What FWC is doing

Summit ReportThe Florida Fish and Wildlife Conservation Commission (FWC) is Florida's lead state agency addressing the impacts of climate change on fish and wildlife. The FWC began its work on climate change when it hosted the summit "Florida's Wildlife: On the front line of climate change" in October 2008. The FWC invited experts and professionals on wildlife and climate change to come and share their knowledge. The summit covered global, national and statewide perspectives, species biodiversity and policies for habitat management. Visit the summit website and view or download presentations, summaries from the break-out sessions and much more.

After the summit, the FWC created the Climate Change Team that includes a Steering Committee and four employee workgroups. The workgroups will develop and lead agency goals and objectives in each of these key areas:

  • adaptation
  • research and monitoring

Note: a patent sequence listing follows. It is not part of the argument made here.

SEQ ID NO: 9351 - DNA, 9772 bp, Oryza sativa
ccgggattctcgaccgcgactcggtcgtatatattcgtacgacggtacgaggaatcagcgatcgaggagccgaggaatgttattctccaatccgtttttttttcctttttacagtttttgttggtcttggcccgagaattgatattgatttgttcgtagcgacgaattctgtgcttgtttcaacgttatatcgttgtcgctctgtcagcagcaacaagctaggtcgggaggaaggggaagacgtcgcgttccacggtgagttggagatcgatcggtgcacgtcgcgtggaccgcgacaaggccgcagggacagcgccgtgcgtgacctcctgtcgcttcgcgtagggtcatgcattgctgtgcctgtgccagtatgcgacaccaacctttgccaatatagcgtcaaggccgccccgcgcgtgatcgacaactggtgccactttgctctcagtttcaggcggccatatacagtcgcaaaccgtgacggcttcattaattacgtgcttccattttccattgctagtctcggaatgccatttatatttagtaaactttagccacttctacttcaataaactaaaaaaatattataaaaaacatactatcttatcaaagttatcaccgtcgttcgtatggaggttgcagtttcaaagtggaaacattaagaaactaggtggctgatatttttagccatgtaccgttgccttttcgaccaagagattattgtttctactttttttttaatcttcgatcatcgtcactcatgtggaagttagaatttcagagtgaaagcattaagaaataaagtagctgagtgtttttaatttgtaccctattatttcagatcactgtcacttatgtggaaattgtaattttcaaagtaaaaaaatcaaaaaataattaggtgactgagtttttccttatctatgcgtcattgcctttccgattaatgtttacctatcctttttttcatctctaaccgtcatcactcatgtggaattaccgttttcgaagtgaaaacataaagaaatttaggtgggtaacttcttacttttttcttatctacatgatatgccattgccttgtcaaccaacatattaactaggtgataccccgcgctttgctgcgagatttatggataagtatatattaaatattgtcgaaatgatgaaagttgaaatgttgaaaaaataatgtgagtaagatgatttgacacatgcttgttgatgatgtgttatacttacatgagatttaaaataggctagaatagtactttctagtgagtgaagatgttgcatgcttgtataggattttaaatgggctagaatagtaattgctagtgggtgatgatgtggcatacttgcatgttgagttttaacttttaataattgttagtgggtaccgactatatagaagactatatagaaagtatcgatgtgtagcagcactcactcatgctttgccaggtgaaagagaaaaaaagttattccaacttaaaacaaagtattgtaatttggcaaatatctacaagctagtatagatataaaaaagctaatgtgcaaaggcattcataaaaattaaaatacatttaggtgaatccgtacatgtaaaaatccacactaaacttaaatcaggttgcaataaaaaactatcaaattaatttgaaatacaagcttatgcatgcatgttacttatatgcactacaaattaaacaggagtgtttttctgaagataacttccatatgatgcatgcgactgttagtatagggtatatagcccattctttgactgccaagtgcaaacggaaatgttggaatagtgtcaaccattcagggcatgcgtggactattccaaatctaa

• communication and outreach
  • policy and opportunity

Key objectives of the Steering Committee include:

  • Ensuring FWC staff at all levels is engaged in climate change initiatives.
  • Providing oversight in developing policies and processes to address climate change issues that affect fish and wildlife resources and their management.
  • Working with stakeholders and partners on fish and wildlife issues related to climate change.
  • Implementing the Governor's Executive Orders related to reducing the FWC's carbon footprint.

Through the four workgroups the FWC is:

  • Identifying present and future climate change impacts to Florida's fish and wildlife communities;
  • Exploring ways for Florida's fish and wildlife communities to adapt to climate change;
  • Identifying ways to minimize climate change impacts on Florida's fishing and hunting resources;
  • Developing actions to mitigate climate change impacts to imperiled fish and wildlife species in Florida;
  • Creating internal and external communication and outreach opportunities.

FWC Climate Change Resolution

The FWC has also begun working with partners to address a changing climate by utilizing State Wildlife Grant funds to support species vulnerability assessments, scenario planning, and implementation of adaptation strategies. For more information on these projects, please visit Florida’s Wildlife Legacy Initiative.



FWC Facts:
Approximately 1.7 million acres of Florida's remaining natural areas have been invaded by nonindigenous plant species, which have degraded and diminished our ecosystem.

Learn More at AskFWC